“Implement Policies to Promote Cultural Industries,” Says Regional Body
Suva, Fiji Islands (7 December, 2010) The promotion of creative, cultural and innovative industries must be part of
National Development Plans and appropriate resources must be allocated to them.
“Prominence is needed at the government level to promote cultural, creative and innovative industries via initiatives
such as establishing interagency and private sector committee; building the capacity of intellectual property and
culture administrations, coordinating and building capacity in compliance, monitoring and enforcement of intellectual
property and traditional knowledge,” said Mr Douveri Henao, Trade Policy Officer responsible for Intellectual Property
and Traditional Knowledge, of the Pacific Islands Forum Secretariat.
“At the regional and international levels, the Council of Regional Organisations in the Pacific (CROP) and international
development partners have responded to promoting the sector by implementing the Traditional Knowledge Action Plan
whereby several Pacific Island Countries have been assisted in formulating policy and legal frameworks in promoting and
protecting traditional knowledge and expressions of culture. These activities intend to assist Pacific countries to
develop programmes and activities focused on promoting and protecting cultural industries. This could be done through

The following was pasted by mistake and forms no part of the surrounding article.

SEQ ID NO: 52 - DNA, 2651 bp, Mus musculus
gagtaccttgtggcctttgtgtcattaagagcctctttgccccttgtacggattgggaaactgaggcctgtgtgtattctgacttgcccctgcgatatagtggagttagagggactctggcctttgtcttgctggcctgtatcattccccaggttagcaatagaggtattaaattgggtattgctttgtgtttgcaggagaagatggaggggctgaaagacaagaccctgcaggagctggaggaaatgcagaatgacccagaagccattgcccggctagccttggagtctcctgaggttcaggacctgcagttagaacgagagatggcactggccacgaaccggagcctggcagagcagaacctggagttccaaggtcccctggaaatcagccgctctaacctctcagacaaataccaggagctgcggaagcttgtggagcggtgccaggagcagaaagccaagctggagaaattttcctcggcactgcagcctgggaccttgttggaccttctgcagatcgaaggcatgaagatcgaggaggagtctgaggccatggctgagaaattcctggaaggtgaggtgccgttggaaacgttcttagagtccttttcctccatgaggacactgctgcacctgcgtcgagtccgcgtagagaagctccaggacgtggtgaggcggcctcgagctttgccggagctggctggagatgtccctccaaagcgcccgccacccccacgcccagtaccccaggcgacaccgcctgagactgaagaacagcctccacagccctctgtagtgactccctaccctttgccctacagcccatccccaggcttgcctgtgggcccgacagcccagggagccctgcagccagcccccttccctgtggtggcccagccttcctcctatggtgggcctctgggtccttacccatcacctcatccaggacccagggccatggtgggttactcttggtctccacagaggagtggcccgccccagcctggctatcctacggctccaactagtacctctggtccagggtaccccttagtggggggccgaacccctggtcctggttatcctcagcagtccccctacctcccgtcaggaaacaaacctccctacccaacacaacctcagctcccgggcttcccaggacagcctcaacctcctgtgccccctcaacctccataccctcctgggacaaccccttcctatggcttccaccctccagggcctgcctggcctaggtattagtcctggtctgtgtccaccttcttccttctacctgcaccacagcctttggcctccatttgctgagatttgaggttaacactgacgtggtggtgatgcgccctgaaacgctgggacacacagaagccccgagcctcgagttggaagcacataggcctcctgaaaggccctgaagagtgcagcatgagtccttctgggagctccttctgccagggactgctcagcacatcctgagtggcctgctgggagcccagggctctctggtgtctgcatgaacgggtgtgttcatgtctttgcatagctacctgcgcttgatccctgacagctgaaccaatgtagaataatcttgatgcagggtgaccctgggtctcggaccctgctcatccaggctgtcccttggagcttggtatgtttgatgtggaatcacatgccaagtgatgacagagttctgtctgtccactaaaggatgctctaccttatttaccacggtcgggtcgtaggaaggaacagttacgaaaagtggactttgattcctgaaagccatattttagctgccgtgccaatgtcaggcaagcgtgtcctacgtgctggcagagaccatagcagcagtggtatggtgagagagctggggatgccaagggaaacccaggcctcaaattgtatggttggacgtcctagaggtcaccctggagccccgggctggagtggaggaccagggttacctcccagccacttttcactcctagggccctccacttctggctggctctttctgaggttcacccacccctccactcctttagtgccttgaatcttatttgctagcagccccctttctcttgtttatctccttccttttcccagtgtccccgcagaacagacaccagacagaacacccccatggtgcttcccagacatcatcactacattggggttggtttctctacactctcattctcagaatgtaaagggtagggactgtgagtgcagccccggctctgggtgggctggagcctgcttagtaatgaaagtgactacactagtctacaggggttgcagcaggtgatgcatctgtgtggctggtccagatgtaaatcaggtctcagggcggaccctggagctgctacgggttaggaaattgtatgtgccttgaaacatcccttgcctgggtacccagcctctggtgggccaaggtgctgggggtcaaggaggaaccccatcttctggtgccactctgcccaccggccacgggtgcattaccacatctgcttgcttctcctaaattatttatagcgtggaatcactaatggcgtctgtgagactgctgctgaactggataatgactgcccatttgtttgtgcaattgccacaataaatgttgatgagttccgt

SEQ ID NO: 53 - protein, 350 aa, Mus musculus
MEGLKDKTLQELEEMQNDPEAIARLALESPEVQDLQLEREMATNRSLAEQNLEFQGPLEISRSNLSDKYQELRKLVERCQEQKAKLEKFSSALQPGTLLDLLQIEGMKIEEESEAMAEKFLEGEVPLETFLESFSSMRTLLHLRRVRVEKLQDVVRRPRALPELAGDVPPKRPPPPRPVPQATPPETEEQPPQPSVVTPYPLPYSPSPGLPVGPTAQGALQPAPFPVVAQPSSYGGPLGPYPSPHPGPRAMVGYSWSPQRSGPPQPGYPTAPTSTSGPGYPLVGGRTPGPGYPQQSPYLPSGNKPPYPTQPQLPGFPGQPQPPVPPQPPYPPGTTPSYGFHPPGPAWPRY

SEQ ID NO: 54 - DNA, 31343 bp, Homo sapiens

the development of action plans, law and policy frameworks and selective administrative and policy support.”
Mr Henao made the comments at a regional meeting on the cultural industries currently underway at the Pacific Islands
Forum Secretariat in Suva.
Assistance in the Traditional Knowledge Action Plan intends to also explore how operators of cultural industries, mostly
present in the informal, micro and Small Medium Enterprise sectors may have various government incentives to stimulate
their businesses. Preferential treatment in taxes was an example mentioned.
In addition, other policy options such as technology transfer, information sharing and capacity building; training on
product and marketing development; Grants and other capital financing incentives and export promotion and market access
of cultural goods and services, all contribute to the sector actively participating in the economy,” Mr Henao said.
He also identified the legal, judicial, non government organisation and private sector as major players in promoting
cultural industries. Building jurisprudence in traditional knowledge and intellectual property rights provides
confidence to cultural, creative and innovative practitioners and operators to ensure that their rights are recognised
and protected by the courts. At the same time, it is important that they begin to establish entities representing them.
“These entities may then form the basis to create standards, licensing modalities and liaise with government on industry
support; develop intra private sector relations on investing in operators in the cultural, creative and innovative
sectors and develop relations with legal professionals on developing intellectual property- related services,” he said.
Mr. Henao also mentioned the importance of stakeholders ensuring their governments promote the importance of protecting
cultural industries in trade and economic agreements they may consider being a party to. Clear positions on these issues
no doubt enhance the industry in actively participating in the global economy.
The four-day Regional Consultation on the Cultural Industries is jointly organised by the Secretariat of the Pacific
Community, in conjunction with the Pacific Islands Forum Secretariat (PIFS) and is funded by the European Union (EU).